31 January, 2019
Author: Laura MacKenzie
My Name is Laura MacKenzie. I am 41, I live in Wemyss Bay, Scotland and I am what is known in the ostomate community as a double bagger. This means I have two stomas; in my case a urostomy and a colostomy. I am writing this from my sun lounger in the Algarve, it’s our first foreign holiday since my operation. By the time you read it, Christmas will have come and gone and the Colostomy UK 50K challenge will be over. The latter has been an inspiration to me. It’s helped my recovery, both physically and mentally. The past year has been a challenge in many ways…
My stomas were created during a 12-hour operation for a total pelvic exenteration in November 2017. This was required after a stage 4 cancer diagnosis in the September. My first symptoms appeared in August 2017, when I started to pass faeces in my urine. I later found out that this was due to fistula caused by my cancer.
From August through to the main operation, I had various scans and procedures, including: CT, MRI and PET scans, a sigmoidoscopy and a cystoscopy. Initially I was admitted to hospital for three days as a blood transfusion was required. Then I went to the main hospital in Glasgow for nine days to stabilise my kidneys as these were only functioning at 60%. I also had two nephrostomies fitted. These artificial openings were created in my back to allow urine to be drained from my kidneys, thus bypassing my bladder.
At my first consultation at Inverclyde Royal, I was told that: “best case scenario, some radiotherapy would be required and worst case I would be seeing the senior consultant at the Glasgow Royal”. It turned out to be the latter. Here I learned that radiotherapy was too risky and chemotherapy was not effective for my type of cancer. In addition, I was told that if the cancer had spread, then surgery wouldn’t be an option either. Luckily the PET scans revealed that the cancer had not spread. Hence, the surgery that I went on to have literally saved my life.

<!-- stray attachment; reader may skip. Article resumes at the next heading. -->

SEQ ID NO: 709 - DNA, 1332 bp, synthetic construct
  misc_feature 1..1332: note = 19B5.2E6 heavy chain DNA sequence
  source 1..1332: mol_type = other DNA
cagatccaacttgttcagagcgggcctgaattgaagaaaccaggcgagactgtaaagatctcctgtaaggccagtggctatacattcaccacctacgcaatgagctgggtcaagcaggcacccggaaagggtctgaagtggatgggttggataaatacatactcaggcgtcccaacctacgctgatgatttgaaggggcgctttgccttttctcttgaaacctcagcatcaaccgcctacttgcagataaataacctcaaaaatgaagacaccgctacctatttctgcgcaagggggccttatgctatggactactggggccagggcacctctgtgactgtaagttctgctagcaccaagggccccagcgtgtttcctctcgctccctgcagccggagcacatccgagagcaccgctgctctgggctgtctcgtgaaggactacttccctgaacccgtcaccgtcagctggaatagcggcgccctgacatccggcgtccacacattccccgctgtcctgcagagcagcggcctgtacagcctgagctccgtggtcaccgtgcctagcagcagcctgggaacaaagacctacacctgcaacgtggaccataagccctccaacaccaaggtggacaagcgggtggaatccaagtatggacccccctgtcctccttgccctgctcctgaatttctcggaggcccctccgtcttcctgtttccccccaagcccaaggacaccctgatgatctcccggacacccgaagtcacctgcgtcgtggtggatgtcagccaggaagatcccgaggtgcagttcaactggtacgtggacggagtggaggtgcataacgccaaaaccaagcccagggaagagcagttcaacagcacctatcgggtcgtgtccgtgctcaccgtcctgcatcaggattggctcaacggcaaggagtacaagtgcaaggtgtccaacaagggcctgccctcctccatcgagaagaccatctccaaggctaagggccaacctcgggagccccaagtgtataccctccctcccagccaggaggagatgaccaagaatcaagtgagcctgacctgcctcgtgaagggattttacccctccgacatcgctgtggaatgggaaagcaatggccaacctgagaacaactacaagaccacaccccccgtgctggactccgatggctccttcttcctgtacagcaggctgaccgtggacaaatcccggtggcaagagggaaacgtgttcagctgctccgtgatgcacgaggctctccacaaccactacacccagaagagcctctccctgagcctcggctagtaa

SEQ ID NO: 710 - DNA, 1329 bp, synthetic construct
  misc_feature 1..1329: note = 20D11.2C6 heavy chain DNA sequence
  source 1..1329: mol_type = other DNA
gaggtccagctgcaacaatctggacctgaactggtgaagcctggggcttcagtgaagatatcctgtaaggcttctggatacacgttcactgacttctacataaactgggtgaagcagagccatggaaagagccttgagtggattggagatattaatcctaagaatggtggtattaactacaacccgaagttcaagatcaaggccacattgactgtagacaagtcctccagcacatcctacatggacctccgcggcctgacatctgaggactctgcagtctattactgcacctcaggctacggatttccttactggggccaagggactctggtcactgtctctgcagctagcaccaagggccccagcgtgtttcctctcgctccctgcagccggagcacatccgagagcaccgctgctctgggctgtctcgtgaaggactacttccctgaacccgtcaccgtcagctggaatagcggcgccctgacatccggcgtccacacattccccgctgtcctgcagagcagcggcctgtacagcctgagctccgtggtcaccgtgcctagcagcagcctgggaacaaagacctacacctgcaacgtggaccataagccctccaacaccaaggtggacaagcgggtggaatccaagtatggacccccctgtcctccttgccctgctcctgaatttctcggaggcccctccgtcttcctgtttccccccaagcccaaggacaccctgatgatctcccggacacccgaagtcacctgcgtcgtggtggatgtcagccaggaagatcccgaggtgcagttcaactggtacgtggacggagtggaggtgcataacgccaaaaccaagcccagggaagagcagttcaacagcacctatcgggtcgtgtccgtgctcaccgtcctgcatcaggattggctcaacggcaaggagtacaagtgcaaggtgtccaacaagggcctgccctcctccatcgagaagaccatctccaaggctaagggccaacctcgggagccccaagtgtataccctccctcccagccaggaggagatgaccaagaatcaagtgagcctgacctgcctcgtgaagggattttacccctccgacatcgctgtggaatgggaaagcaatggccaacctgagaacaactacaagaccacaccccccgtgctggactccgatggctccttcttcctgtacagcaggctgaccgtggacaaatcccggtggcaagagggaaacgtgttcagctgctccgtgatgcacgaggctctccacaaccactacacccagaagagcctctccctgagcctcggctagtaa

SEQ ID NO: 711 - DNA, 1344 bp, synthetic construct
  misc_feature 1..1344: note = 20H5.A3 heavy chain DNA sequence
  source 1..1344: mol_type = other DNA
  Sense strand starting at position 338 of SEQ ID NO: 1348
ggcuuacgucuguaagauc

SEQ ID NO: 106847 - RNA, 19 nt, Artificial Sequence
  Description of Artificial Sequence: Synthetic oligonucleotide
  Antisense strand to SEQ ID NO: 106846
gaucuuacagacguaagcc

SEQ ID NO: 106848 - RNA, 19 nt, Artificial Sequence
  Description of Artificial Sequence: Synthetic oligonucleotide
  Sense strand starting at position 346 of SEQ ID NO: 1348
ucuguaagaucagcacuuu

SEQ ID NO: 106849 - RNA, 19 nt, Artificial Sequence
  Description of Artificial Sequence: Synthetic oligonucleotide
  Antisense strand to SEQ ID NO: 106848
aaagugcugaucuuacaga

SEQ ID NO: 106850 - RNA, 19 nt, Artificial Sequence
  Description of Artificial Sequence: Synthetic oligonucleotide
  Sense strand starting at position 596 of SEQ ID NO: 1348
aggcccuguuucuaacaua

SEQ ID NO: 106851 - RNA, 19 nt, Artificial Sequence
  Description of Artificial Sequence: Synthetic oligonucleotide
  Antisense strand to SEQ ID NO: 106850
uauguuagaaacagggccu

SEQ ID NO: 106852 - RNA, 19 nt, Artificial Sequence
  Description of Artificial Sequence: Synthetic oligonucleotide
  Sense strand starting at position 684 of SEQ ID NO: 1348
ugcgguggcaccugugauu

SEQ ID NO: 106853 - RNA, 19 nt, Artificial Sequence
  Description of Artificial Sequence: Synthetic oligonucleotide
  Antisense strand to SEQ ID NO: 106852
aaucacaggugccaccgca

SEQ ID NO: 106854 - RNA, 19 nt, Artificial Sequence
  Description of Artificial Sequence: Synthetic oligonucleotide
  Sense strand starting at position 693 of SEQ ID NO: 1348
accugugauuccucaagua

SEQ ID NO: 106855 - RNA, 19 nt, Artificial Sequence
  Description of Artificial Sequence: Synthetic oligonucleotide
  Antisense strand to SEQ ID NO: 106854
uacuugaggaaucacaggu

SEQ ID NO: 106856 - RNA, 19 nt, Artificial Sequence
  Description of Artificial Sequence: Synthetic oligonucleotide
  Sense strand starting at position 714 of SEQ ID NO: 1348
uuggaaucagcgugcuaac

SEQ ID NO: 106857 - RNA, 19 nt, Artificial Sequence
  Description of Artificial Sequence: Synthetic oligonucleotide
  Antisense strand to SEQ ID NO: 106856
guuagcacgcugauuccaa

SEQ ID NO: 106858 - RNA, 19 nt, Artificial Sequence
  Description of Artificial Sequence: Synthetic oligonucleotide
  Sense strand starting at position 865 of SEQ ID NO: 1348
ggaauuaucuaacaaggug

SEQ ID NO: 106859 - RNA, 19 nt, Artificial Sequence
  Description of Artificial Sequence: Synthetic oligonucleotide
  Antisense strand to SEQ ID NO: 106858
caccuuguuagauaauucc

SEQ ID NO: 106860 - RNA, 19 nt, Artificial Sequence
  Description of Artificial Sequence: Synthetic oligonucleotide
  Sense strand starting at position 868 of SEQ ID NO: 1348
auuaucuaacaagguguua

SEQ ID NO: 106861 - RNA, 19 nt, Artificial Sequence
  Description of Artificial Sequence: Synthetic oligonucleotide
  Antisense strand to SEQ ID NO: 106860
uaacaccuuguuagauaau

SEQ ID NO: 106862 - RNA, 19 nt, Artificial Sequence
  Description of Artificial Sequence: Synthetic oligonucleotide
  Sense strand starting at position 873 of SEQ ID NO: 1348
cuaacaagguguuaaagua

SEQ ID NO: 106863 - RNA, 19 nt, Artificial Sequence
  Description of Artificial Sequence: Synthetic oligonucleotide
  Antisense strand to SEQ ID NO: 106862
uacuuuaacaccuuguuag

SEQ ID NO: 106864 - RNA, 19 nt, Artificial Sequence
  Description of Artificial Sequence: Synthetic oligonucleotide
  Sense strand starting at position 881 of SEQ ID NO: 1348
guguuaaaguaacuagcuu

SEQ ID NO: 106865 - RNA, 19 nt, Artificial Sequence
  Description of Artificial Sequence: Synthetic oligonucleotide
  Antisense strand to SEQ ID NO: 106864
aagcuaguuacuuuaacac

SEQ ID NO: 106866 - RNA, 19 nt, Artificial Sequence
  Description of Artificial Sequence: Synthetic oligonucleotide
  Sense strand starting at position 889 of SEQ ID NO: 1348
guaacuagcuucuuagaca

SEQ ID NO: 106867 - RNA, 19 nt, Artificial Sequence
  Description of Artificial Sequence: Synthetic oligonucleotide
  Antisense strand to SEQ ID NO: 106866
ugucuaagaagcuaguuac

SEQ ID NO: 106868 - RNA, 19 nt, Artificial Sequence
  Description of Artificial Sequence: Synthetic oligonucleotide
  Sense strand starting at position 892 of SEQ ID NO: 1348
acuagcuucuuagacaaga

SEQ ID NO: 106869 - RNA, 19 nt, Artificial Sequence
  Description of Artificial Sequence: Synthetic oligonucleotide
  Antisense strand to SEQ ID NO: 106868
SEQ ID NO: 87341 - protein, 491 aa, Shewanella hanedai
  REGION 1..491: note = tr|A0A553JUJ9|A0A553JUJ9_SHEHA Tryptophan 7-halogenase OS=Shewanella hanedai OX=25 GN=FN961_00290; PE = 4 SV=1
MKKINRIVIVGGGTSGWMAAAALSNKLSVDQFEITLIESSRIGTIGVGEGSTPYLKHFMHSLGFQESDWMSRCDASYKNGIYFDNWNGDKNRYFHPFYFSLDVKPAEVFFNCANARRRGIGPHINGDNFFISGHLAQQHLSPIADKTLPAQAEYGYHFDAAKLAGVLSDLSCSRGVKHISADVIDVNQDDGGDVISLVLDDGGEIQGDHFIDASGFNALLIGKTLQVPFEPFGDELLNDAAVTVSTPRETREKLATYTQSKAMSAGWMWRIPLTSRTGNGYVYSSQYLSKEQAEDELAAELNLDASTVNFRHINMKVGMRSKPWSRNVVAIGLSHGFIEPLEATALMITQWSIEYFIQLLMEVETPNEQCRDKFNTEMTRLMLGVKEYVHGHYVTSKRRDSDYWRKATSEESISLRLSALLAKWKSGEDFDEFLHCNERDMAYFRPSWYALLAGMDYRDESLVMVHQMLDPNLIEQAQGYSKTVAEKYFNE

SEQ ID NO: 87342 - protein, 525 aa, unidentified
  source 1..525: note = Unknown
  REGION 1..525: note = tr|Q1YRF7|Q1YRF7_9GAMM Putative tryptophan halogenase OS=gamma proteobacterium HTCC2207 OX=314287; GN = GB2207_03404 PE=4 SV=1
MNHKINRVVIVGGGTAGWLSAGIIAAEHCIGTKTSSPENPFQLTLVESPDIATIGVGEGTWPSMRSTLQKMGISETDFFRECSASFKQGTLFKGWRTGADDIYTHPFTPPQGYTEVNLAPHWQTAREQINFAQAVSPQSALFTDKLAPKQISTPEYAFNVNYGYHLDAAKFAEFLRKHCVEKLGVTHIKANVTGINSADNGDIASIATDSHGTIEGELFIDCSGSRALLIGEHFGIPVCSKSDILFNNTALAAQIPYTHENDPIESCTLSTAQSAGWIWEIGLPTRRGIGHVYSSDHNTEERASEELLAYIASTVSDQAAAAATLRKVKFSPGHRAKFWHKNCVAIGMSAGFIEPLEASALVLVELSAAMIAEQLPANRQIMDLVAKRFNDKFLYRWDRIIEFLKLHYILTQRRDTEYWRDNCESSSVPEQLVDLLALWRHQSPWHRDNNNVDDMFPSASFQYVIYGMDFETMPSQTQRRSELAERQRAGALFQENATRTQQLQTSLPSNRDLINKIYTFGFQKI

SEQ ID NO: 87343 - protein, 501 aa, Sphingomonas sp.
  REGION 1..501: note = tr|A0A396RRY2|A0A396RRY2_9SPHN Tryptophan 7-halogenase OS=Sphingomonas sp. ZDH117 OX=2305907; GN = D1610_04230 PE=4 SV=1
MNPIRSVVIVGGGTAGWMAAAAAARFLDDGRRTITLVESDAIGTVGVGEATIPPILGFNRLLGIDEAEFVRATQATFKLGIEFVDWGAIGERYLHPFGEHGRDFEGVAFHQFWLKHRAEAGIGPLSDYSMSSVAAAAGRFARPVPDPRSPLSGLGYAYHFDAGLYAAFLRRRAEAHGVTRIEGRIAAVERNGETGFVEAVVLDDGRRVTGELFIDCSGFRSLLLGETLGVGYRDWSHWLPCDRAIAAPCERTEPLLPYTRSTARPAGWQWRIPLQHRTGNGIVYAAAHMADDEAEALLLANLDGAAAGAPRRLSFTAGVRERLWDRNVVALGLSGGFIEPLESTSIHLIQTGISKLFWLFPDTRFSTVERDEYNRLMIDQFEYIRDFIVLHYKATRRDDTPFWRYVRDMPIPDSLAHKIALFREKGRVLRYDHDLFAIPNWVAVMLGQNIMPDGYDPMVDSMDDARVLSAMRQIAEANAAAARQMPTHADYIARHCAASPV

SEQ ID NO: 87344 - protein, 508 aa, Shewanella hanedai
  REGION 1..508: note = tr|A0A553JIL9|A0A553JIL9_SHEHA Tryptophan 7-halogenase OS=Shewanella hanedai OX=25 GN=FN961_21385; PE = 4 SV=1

With the support of my surgical team, friends, family and colleagues I made good progress after the operation. In particular, my husband – my rock and my best friend – was by my side every step of the way. I went home after 17 days in hospital. On 30th November, 29 days after the surgery, I got the all clear and so my husband and I went to our local hotel to celebrate. I went back to work part time at the end of January and was fulltime by mid-February. Since then I have continued to make a good recovery and continue to get stronger day-by-day.
What I went through both physically and mentally was massive, but I stayed positive and determined throughout the whole ordeal. Having two stomas is not without its challenges, but I make them work around my lifestyle and not the other way round. Holidays need more planning now but so far, apart from making sure I don’t lift heavy items, there is nothing I can’t do that I did before.
The support of organisations such as Colostomy UK has helped greatly as I adjusted to my new life. Back at the end of 2017, as I made my way home from hospital, I would have never believed that between April and October 2018 I would walk 1,431 km and raise £2018.75 in the process!
Medical Terms Explained
Total pelvic exenteration is an operation to treat cancer when the bladder, rectum and internal reproductive organs are removed.
A nephrostomy allows urine to be drained through a tube inserted through the skin on your back and into the kidney.
A sigmoidoscopy is a diagnostic and screening procedure in which a rigid or flexible tube with a camera on the end (a sigmoidoscope) is inserted into the anus to examine the rectum and lower colon (bowel).
A cystoscopy is a procedure to look inside the bladder using a thin camera called a cystoscope.